The 38 year old Dutch man who blackmailed and harassed Amanda relentlessly is suspected of blackmailing dozens of young women from the United States into performing sex acts on their web cams. He will be extradited to Canada to face trail after his trial in the Netherlands, which will begin early next year.


Alanna regrets getting caught sexting but doesn’t regret the act itself

Alanna McArdle spoke as an adult about how she had enjoyed using webcams as a 13 year old with the boys in her school. She explained how it had helped her explore her sexuality. She had wanted to be sexual and engage in sexual activity but it was the reaction from adults, once the activity became common knowledge amongst parents and teachers, that effected her perception of herself. She says: “I had an arrangement with around five or six boys in my year at school when I was 13 years old. I would log on to MSN Messenger almost immediately after I got home from school”.

Alana’s story is interesting as it uncovers how little is known and understood about childhood sexuality and how we progress into adults and what behaviour may or may not be ordinary or acceptable.

Alanna said: “I walked into school on the first day of Year 9, I knew that everyone knew. My parents knew; the other children’s parents knew; I’m pretty sure that every teacher at my very small school knew…As a semi-beginner’s introduction to double standards, the boys involved escaped any visible punishment in school. They got some pats on the back from their peers. I, on the other hand, was a slut… The boys around me were expected to be sexual. But my own desires and enjoyment? They were unacceptable.”

Alanna’s case mirrors a common situation in which young girls often face harsher social consequences than boys for sexting. NSPCC research discovered that sexism was normalised for contexts for all relationships on and off line meaning girls consistently received consistently higher rates of bullying, scrutiny, violence and blackmail for sending pictures than boys, who were often praised and got ‘ratings’ from their peers for receiving nude pictures from girls.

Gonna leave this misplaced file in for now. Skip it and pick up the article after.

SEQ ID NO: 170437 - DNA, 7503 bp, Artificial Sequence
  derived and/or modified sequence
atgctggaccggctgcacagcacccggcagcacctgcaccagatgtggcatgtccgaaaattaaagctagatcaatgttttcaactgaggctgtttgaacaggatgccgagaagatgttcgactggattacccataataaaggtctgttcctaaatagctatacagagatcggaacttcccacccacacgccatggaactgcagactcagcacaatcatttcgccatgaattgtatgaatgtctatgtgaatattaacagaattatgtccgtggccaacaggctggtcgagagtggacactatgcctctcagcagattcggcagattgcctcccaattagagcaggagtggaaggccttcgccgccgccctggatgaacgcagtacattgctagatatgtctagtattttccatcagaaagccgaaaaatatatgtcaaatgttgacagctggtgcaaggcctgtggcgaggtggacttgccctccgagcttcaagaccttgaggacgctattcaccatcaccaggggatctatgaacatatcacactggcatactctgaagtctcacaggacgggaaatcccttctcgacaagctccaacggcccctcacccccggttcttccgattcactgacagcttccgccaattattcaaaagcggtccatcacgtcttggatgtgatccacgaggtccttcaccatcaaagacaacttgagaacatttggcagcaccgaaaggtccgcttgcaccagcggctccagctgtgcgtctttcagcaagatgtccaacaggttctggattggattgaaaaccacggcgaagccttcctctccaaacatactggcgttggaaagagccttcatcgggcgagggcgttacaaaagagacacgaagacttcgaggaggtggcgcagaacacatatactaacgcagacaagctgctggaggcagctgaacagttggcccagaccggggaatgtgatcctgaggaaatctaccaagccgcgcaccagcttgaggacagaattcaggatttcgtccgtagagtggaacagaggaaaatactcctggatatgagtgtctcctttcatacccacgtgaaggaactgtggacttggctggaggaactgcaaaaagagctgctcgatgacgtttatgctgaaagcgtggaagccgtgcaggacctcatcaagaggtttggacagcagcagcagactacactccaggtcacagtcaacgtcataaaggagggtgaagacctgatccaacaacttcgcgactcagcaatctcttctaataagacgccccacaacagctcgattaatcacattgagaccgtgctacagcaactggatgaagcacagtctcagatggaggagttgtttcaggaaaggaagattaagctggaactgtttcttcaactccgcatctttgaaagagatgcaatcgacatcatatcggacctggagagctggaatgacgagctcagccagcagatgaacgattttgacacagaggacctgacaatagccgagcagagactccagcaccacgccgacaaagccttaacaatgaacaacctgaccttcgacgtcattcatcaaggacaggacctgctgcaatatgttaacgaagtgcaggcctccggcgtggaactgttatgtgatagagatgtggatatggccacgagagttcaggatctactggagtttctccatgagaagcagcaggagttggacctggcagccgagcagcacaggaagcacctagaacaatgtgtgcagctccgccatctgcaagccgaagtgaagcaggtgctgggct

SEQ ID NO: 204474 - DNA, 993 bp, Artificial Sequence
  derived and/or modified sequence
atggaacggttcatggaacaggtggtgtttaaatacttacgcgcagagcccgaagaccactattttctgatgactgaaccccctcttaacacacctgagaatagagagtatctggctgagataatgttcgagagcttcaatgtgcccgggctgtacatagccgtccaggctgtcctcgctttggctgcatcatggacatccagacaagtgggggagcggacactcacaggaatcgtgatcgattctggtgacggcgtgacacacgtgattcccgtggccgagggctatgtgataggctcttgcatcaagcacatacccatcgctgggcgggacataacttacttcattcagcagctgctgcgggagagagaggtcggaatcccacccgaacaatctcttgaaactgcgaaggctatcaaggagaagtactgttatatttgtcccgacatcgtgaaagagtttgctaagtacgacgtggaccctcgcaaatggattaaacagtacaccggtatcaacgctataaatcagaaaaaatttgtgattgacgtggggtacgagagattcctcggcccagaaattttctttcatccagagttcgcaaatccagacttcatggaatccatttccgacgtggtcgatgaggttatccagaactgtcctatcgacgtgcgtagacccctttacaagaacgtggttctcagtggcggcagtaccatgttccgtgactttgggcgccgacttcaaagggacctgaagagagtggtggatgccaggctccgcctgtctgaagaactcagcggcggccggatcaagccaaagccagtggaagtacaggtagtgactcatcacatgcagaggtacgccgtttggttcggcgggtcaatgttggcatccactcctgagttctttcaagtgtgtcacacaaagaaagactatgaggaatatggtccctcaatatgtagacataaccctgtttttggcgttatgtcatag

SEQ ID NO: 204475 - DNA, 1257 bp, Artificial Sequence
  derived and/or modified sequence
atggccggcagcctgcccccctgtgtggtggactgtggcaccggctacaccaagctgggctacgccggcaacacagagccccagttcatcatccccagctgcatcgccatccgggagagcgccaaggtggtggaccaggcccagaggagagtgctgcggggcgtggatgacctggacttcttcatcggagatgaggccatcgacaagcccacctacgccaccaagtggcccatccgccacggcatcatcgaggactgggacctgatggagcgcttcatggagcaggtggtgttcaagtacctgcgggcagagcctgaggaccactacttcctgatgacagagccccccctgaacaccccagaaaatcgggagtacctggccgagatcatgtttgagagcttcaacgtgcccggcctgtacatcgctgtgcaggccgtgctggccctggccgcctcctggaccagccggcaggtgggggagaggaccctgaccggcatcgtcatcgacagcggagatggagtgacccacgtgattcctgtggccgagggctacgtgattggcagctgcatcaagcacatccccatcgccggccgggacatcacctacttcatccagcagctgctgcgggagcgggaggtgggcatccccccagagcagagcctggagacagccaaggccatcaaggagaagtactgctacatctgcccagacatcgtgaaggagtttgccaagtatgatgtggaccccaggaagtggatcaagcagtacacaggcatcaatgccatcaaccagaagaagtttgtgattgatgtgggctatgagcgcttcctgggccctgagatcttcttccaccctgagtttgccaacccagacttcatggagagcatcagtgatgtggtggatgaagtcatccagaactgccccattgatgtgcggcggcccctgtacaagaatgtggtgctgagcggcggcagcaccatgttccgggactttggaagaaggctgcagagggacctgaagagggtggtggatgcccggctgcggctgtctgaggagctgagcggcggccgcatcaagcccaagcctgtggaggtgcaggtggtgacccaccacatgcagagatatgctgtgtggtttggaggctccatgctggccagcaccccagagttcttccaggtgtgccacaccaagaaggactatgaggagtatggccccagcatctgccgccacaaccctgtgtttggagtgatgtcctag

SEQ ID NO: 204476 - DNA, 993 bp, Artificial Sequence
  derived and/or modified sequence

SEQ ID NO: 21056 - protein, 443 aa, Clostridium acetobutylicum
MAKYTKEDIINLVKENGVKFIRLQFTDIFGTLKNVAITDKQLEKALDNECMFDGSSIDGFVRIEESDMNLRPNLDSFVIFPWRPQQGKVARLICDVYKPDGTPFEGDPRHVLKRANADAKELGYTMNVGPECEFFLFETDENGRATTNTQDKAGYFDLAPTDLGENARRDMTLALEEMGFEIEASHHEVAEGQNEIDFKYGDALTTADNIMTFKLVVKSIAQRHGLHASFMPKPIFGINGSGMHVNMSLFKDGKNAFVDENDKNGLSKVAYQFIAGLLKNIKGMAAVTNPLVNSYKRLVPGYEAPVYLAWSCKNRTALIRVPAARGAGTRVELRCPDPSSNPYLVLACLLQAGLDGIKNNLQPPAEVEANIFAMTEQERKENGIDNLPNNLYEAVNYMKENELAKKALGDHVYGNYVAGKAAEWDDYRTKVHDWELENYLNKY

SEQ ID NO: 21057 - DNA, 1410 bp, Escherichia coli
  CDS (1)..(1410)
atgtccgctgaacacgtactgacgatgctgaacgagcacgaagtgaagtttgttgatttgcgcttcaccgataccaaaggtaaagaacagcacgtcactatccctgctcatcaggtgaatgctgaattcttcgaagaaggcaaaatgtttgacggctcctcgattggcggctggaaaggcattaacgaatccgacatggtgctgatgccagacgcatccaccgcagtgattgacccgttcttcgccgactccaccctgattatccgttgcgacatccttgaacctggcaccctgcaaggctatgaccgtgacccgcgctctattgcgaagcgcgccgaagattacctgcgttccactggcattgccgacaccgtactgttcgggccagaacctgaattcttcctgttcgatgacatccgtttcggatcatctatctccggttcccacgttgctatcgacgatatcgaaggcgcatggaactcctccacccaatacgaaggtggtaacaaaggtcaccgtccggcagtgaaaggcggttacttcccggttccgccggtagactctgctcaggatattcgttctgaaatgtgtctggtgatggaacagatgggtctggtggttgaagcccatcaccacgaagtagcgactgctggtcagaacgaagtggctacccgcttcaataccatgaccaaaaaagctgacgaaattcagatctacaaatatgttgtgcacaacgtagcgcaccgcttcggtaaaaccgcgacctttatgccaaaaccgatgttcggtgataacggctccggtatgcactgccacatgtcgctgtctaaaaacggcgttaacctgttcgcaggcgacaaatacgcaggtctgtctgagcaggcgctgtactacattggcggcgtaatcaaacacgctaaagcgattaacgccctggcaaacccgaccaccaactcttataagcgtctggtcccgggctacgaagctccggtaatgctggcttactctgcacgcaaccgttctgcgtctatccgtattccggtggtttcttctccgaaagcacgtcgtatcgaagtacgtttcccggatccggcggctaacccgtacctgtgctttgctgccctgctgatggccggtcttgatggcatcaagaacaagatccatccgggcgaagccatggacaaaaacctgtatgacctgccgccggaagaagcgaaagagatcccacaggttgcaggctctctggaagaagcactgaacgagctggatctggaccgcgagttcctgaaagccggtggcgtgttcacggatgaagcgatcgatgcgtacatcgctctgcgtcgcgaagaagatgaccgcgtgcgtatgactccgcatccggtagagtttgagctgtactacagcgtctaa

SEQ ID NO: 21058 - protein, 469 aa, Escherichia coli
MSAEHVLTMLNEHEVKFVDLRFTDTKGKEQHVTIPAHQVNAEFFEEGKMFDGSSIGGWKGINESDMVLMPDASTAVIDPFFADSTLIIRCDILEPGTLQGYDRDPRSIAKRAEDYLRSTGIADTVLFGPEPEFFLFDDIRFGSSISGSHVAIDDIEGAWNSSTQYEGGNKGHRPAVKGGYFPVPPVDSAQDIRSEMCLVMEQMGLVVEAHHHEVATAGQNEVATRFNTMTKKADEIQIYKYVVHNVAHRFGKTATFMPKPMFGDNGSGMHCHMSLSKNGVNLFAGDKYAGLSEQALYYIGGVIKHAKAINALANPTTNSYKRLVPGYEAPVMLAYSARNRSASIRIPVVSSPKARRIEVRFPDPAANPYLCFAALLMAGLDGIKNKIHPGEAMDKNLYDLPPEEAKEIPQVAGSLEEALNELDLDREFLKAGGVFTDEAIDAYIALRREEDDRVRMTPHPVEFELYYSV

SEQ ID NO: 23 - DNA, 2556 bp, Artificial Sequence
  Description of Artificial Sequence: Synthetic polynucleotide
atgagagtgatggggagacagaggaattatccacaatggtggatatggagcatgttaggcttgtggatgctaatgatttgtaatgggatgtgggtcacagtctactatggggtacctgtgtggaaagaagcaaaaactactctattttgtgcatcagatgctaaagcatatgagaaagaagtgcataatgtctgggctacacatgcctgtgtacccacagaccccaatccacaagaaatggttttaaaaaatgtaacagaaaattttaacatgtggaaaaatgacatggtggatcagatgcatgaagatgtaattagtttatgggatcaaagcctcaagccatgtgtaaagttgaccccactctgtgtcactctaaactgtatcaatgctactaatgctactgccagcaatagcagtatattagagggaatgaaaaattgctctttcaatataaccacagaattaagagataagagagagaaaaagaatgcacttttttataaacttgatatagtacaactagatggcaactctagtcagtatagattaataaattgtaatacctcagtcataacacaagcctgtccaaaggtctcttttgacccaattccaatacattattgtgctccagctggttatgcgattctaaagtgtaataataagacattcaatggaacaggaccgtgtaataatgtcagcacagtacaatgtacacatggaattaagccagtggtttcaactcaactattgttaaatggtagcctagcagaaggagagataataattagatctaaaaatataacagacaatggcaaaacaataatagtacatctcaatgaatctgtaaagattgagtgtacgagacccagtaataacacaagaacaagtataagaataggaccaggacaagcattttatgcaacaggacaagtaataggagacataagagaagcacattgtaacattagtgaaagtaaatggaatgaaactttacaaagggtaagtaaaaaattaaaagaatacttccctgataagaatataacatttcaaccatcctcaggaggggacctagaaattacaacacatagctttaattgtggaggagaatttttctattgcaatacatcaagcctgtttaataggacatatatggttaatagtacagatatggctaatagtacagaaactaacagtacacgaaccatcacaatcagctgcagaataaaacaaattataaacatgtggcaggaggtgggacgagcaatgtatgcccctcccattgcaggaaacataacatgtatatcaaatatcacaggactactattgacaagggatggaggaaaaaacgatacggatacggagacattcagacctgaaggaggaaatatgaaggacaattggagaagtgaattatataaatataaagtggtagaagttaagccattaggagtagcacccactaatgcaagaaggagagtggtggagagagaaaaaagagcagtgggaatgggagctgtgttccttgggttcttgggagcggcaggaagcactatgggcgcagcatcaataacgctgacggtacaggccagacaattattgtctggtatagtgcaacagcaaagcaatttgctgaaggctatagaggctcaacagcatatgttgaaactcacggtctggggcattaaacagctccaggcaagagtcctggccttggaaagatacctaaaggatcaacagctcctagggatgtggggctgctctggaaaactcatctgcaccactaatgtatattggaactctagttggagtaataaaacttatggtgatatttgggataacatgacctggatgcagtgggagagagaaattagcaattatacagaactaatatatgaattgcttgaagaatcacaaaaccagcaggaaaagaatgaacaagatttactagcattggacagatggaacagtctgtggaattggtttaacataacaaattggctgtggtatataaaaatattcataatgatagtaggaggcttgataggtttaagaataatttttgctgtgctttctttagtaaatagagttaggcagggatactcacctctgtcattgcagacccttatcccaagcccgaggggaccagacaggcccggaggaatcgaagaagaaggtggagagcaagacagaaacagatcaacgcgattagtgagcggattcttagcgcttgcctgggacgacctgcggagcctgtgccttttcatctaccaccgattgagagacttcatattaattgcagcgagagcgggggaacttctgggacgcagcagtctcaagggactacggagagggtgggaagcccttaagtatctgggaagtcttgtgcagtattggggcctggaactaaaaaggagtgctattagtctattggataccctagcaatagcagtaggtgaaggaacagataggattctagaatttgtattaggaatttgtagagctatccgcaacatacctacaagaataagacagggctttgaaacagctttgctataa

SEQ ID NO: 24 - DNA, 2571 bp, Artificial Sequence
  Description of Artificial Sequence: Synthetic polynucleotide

17 year old boy labelled a pervert

James, a 17 year old teenager who called Childline, was labelled a pervert after he sent a sexually explicit video to his girlfriend. He said: “My friends and I talk very openly about sexting, our experiences within our relationships, and the sort of things we’ve sent each other. So it can seem like everyone’s doing it.”

The fact that sexting has become somewhat normal within our society can often lead young people to underestimating the risks that could occur. James said: “There are definitely risks involved. Someone saw a video message I had sent to a previous girlfriend, took a screen shot and posted it online. They called me a pervert and lots of people I knew saw it – it was clearly me pictured.”

Once an image or text has been sent, it cannot be unsent. It is easy to lose control of an image as you cannot guarantee where it will end up and who will see it. This can lead young people (and adults) to feeling a severe humiliation and a sense that things have spiralled out of their control. James said: “I was completely devastated and, to be honest, almost suicidal. I got the picture taken down eventually, but by that stage people had ‘unfriended’ me and the damage was done.”


It is always important to think before you send a text or image of the consequence that could ensue. How would you feel if your parent saw the picture, or your teachers and classmates. Think of the cases above and how it affected these young people’s lives.